• Roboto
  • Tableau 
  • Times New Roman 
  • Trebuchet MS 
  • Verdana 

Choose a Size

When creating a dashboard, avoid using a variety of font sizes since this can have a negative effect on the overall design and consistency of your dashboard. In most cases, no more than four sizes are required. Points might vary depending on the sort of typeface you’re using, but here’s a general rule to follow:

  1. Dashboard title – 22-36pt
  2. Subtitles and chart titles – 16-22pt
  3. Texts, labels, annotations – 10-14pt
  4. Axis, notes, date / period, data source, author – 8-10pt

Be aware that Tableau uses points as a measure for font size. 

Pro Tip: How should emphasis and capitalization be used?

Regular fonts should be used 90% of the time. If you want to highlight distinct sorts of information on your dashboard, stick to italic and bold and leave everything else out. For a business dashboard, try not to use extra bold, bold italic, condensed, or condensed extra bold.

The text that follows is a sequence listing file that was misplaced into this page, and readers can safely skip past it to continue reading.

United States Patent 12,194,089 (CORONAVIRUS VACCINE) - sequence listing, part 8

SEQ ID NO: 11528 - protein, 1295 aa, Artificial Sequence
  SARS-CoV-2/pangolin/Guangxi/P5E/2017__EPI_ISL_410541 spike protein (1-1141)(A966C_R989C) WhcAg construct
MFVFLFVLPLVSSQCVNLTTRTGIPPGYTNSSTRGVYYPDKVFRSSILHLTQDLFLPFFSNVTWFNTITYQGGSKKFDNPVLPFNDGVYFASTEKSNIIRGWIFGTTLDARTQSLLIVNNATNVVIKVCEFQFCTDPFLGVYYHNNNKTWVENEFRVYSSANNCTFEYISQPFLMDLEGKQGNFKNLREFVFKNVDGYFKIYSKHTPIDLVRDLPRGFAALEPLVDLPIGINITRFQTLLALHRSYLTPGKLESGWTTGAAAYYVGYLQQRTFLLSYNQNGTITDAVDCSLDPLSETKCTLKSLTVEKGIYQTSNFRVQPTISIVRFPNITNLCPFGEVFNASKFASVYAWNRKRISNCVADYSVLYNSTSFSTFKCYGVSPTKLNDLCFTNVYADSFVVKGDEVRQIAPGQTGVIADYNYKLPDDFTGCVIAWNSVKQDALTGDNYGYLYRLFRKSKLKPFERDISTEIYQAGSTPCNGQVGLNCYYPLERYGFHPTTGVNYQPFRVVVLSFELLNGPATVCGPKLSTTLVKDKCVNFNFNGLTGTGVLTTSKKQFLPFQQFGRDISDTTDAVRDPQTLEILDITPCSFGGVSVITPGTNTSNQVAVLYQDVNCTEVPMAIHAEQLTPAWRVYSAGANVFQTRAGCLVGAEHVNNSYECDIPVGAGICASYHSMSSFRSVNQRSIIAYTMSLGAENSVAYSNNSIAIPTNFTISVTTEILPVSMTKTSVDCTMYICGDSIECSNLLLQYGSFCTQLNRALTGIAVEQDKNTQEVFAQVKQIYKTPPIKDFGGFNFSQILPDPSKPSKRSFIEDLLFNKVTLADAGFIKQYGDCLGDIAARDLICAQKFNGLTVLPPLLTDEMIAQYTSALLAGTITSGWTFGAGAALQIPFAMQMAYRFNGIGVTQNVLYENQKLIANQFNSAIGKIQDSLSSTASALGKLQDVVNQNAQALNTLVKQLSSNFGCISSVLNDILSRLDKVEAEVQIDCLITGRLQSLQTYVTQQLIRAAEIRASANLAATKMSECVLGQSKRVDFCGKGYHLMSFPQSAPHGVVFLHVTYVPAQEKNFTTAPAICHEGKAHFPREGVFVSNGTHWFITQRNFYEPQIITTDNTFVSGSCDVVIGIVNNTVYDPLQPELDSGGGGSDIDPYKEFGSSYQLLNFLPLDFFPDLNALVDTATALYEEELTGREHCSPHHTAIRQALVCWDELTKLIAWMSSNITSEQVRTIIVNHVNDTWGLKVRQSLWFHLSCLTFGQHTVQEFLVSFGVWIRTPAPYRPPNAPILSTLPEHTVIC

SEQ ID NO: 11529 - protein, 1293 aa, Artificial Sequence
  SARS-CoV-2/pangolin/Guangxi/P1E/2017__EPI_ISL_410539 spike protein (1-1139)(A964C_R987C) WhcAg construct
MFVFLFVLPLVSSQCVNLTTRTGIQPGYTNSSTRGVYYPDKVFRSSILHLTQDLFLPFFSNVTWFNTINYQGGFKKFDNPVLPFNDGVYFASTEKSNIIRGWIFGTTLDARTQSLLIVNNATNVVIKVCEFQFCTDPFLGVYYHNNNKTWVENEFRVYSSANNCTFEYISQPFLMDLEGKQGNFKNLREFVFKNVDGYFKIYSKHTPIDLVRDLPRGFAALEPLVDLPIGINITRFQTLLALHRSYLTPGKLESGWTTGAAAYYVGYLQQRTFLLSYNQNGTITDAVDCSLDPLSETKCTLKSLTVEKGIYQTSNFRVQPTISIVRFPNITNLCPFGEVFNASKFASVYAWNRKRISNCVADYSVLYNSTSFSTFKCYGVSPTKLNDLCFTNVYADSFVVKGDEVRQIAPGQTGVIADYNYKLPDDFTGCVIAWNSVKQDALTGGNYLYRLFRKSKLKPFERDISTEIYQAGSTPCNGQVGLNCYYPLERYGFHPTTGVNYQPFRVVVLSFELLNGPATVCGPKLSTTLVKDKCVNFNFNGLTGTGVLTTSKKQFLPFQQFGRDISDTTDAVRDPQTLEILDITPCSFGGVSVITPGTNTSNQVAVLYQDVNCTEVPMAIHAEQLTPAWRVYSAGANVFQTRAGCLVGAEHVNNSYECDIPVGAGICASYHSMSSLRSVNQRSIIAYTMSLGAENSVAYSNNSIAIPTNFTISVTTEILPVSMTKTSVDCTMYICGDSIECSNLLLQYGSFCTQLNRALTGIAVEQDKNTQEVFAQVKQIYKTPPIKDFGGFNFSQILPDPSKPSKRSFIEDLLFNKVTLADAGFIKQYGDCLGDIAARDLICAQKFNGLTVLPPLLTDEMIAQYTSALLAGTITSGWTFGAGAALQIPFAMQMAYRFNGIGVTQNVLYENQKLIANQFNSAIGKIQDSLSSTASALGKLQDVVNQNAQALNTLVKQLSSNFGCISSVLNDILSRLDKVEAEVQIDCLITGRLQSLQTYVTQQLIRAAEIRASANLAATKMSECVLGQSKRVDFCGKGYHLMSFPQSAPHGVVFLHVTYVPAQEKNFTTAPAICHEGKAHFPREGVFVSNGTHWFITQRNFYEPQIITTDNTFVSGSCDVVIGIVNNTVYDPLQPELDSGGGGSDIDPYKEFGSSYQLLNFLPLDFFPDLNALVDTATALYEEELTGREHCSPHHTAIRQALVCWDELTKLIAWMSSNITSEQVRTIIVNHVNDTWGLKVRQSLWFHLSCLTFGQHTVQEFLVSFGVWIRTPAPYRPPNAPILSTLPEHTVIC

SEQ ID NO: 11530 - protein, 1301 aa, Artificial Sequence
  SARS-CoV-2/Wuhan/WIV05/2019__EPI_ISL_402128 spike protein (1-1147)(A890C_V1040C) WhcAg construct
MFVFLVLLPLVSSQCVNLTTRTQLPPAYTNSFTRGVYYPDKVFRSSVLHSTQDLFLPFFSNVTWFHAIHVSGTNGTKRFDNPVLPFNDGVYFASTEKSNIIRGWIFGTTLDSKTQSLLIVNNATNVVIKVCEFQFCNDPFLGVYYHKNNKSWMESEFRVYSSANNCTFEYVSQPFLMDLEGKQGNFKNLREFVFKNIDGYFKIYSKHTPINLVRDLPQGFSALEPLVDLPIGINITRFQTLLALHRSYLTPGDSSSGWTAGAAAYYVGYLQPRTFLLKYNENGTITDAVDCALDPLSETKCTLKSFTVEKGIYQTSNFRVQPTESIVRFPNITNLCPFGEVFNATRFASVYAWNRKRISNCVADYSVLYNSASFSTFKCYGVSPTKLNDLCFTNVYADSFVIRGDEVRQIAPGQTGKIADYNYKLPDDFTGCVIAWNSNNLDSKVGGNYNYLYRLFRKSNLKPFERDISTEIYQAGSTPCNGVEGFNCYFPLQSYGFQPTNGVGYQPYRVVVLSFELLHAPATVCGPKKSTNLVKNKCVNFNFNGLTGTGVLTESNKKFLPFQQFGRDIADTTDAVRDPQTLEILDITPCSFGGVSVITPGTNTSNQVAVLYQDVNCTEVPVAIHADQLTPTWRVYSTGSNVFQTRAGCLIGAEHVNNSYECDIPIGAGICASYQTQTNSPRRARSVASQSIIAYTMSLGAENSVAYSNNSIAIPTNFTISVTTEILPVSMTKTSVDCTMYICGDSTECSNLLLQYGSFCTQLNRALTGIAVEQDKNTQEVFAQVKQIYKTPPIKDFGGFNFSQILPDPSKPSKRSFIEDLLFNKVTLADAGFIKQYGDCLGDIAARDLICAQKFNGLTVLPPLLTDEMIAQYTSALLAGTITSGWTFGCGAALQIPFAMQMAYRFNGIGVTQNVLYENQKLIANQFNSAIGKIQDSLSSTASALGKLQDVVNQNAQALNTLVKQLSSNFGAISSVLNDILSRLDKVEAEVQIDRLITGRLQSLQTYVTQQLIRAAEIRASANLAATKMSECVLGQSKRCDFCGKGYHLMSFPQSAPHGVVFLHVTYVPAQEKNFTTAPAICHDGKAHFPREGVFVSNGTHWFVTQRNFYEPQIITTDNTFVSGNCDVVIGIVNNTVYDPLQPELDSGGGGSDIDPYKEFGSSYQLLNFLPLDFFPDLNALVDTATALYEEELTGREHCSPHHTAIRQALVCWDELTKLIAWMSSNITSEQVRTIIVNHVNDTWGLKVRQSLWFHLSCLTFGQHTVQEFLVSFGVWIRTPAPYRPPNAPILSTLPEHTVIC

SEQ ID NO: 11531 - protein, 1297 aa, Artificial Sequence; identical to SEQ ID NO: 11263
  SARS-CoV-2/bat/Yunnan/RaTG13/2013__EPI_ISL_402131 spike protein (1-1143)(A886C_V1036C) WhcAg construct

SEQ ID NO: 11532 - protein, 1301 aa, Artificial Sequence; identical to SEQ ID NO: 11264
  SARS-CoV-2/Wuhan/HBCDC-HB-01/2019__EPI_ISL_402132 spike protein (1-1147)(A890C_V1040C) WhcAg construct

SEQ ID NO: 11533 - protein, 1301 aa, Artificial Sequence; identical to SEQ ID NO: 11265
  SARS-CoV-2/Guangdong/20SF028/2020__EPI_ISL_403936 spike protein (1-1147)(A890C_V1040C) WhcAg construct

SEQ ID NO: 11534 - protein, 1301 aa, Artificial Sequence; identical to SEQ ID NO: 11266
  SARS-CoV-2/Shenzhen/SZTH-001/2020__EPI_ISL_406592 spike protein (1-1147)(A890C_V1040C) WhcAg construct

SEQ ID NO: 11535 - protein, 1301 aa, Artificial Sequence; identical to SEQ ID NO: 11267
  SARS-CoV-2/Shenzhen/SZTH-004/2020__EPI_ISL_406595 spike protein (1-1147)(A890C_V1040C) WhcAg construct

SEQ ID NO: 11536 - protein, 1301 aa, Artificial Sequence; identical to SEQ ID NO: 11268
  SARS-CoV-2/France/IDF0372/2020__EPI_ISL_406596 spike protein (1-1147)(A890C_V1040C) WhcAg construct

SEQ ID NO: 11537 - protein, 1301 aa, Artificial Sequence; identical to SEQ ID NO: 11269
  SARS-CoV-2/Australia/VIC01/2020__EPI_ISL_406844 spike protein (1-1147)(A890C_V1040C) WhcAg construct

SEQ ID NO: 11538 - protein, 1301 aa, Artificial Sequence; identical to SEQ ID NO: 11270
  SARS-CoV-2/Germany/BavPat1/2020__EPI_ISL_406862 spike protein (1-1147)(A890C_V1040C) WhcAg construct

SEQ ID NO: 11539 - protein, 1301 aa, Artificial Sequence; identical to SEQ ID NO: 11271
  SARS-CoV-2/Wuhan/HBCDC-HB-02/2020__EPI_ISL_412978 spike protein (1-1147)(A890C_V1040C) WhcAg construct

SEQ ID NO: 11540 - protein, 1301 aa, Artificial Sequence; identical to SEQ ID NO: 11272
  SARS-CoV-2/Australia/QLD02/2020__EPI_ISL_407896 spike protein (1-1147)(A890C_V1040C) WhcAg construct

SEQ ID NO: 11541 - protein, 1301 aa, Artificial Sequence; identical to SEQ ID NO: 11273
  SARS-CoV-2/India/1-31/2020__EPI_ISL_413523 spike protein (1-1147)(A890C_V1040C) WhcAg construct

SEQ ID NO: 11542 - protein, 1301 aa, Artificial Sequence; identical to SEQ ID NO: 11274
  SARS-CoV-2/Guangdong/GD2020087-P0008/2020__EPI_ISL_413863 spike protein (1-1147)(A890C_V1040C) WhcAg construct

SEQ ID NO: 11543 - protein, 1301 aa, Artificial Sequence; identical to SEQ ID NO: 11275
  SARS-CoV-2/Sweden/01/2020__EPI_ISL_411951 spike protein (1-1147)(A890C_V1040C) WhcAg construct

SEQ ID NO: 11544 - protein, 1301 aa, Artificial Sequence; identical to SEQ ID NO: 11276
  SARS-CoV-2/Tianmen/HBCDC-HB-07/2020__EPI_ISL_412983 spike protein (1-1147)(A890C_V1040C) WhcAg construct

Here is a simple guide on how to use bold or italic on your dashboard:

  1. Bold – Bold should be used to give extra focus to some parts of the dashboard, such as dashboard title, chart titles, or just highlighting the significance of information in a text. 

  1. Italic – Try to use italic for things that you don’t want to see on your dashboard, but they’re required. They don’t provide a useful message for interpreting the data, but they must be present for credit and future references, such as notes, date, data source, or author.

Choose a Color

When choosing your color, the number one rule is to always make sure your text is readable and clear at all times. This is determined not just by the font size but also by the mix of background and font colors. Always strive for the highest contrast possible. 

My advice is to avoid using font colors other than black, gray, or white, especially on corporate dashboards. If you use something else, it may be distracting to the eye and may raise your bounce rate.

What Is a Typography Hierarchy?